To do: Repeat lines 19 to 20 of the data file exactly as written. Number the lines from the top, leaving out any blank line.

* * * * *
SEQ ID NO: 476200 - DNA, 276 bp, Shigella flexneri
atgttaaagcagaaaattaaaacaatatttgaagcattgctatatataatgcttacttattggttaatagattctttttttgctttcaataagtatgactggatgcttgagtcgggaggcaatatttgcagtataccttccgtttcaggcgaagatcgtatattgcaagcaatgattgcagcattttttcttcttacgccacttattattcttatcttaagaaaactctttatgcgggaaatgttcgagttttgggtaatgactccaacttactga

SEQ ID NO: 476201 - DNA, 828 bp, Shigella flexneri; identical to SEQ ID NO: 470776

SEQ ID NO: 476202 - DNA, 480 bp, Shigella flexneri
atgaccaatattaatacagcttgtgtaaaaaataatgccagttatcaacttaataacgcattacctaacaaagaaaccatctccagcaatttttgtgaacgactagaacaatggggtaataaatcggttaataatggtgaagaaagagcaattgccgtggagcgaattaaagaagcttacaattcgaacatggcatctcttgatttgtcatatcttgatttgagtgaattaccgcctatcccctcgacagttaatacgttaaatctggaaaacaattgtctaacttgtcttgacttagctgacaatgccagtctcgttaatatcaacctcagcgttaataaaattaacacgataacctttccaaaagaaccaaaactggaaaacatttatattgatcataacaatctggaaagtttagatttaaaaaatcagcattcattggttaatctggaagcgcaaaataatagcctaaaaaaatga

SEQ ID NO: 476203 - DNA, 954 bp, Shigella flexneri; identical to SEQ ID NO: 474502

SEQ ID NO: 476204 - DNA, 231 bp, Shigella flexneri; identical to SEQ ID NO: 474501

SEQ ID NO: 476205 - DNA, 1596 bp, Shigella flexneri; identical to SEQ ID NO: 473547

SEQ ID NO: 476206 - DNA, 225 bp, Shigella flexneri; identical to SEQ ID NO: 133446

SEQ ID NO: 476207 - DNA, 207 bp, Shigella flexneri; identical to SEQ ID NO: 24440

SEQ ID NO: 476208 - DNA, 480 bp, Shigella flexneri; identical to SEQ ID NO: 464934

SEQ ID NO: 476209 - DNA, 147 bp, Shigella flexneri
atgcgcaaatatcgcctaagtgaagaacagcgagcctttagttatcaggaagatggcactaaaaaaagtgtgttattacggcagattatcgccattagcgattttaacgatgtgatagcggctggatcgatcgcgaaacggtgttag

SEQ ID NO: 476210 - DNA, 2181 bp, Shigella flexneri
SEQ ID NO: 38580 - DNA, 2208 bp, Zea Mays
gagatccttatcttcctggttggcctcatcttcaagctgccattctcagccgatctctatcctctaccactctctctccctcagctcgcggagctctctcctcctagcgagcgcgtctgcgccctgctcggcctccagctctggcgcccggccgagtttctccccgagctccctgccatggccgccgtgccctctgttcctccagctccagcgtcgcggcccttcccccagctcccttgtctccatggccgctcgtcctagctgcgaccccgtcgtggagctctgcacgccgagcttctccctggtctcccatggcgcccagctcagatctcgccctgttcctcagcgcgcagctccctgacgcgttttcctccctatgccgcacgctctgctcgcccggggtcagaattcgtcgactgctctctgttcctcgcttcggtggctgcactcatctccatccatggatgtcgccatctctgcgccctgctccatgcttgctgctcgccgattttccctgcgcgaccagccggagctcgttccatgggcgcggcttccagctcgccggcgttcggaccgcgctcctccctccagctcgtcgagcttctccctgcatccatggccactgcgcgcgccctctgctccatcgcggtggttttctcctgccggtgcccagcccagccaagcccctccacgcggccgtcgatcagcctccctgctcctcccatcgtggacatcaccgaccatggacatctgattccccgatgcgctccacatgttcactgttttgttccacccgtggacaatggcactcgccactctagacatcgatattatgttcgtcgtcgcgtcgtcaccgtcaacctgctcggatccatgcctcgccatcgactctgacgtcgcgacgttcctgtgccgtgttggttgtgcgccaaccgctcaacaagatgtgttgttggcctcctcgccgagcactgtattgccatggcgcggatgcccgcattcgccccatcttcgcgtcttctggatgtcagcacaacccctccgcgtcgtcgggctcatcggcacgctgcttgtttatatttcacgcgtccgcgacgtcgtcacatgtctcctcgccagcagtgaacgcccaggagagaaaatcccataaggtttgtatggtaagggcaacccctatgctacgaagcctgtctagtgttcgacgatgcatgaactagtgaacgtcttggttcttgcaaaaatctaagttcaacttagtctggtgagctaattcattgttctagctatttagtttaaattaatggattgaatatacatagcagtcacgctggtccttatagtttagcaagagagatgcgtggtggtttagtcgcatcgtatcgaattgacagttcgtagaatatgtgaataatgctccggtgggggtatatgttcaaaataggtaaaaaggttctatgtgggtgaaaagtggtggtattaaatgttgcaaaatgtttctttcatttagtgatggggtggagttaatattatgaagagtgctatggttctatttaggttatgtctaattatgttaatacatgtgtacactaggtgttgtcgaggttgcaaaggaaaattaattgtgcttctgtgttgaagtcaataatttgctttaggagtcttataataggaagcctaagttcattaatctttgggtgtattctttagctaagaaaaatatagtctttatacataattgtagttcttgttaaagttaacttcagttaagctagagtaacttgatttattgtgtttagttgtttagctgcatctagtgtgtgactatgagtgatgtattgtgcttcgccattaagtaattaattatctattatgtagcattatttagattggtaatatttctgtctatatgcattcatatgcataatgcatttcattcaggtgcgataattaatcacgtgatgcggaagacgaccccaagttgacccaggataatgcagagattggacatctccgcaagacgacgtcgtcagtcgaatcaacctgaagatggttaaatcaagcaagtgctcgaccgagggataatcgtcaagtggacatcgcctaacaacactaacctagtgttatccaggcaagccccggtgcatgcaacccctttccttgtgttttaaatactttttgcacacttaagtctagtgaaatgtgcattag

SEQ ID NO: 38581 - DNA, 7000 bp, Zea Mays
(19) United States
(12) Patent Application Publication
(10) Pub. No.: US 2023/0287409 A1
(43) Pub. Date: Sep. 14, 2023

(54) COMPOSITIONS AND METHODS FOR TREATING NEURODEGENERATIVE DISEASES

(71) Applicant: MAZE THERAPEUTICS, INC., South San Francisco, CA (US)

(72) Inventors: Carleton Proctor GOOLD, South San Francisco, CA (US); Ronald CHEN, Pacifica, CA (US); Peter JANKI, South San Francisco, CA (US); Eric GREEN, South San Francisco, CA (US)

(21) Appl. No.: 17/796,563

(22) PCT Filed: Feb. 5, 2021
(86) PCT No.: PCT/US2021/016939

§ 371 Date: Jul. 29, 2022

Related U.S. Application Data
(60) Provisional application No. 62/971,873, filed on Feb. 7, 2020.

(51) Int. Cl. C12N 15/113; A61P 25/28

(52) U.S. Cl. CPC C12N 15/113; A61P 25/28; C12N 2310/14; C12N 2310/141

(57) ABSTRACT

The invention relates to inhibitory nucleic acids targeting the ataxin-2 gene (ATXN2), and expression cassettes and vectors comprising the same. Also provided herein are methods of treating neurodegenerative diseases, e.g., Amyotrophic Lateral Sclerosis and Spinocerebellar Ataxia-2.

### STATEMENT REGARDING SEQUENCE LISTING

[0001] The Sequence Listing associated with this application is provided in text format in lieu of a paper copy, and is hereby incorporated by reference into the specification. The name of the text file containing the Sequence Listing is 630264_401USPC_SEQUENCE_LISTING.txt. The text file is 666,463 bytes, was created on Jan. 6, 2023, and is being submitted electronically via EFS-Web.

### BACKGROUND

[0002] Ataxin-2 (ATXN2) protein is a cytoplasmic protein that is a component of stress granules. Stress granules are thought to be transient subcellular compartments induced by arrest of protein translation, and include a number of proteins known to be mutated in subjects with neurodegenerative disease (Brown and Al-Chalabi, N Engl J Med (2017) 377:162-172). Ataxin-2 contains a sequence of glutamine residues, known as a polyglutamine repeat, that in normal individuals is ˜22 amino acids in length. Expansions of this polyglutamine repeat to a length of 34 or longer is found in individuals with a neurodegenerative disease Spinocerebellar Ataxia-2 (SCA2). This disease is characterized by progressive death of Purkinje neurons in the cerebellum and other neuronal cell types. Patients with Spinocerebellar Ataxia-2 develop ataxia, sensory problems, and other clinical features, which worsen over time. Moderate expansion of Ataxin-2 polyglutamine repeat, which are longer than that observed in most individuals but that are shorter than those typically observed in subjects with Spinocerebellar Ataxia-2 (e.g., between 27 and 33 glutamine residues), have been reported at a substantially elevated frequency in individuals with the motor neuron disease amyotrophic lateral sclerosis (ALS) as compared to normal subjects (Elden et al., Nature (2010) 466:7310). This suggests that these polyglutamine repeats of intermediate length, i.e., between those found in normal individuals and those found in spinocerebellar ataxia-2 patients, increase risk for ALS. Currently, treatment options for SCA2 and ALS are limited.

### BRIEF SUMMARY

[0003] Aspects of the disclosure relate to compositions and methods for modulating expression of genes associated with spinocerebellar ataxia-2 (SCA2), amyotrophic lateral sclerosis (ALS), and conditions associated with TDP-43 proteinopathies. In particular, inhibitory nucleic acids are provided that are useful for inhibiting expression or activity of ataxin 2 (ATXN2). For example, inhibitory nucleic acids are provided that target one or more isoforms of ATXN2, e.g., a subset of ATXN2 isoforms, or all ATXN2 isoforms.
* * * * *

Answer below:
(12) Patent Application Publication
(10) Pub. No.: US 2023/0287409 A1